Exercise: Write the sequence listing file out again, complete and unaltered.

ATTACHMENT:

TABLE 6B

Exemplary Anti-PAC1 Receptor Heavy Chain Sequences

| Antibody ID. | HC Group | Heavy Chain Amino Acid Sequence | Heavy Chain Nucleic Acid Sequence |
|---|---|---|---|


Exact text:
TABLE 6B

Exemplary Anti-PAC1 Receptor Heavy Chain Sequences

| Antibody ID. | HC Group | Heavy Chain Amino Acid Sequence | Heavy Chain Nucleic Acid Sequence |
|---|---|---|---|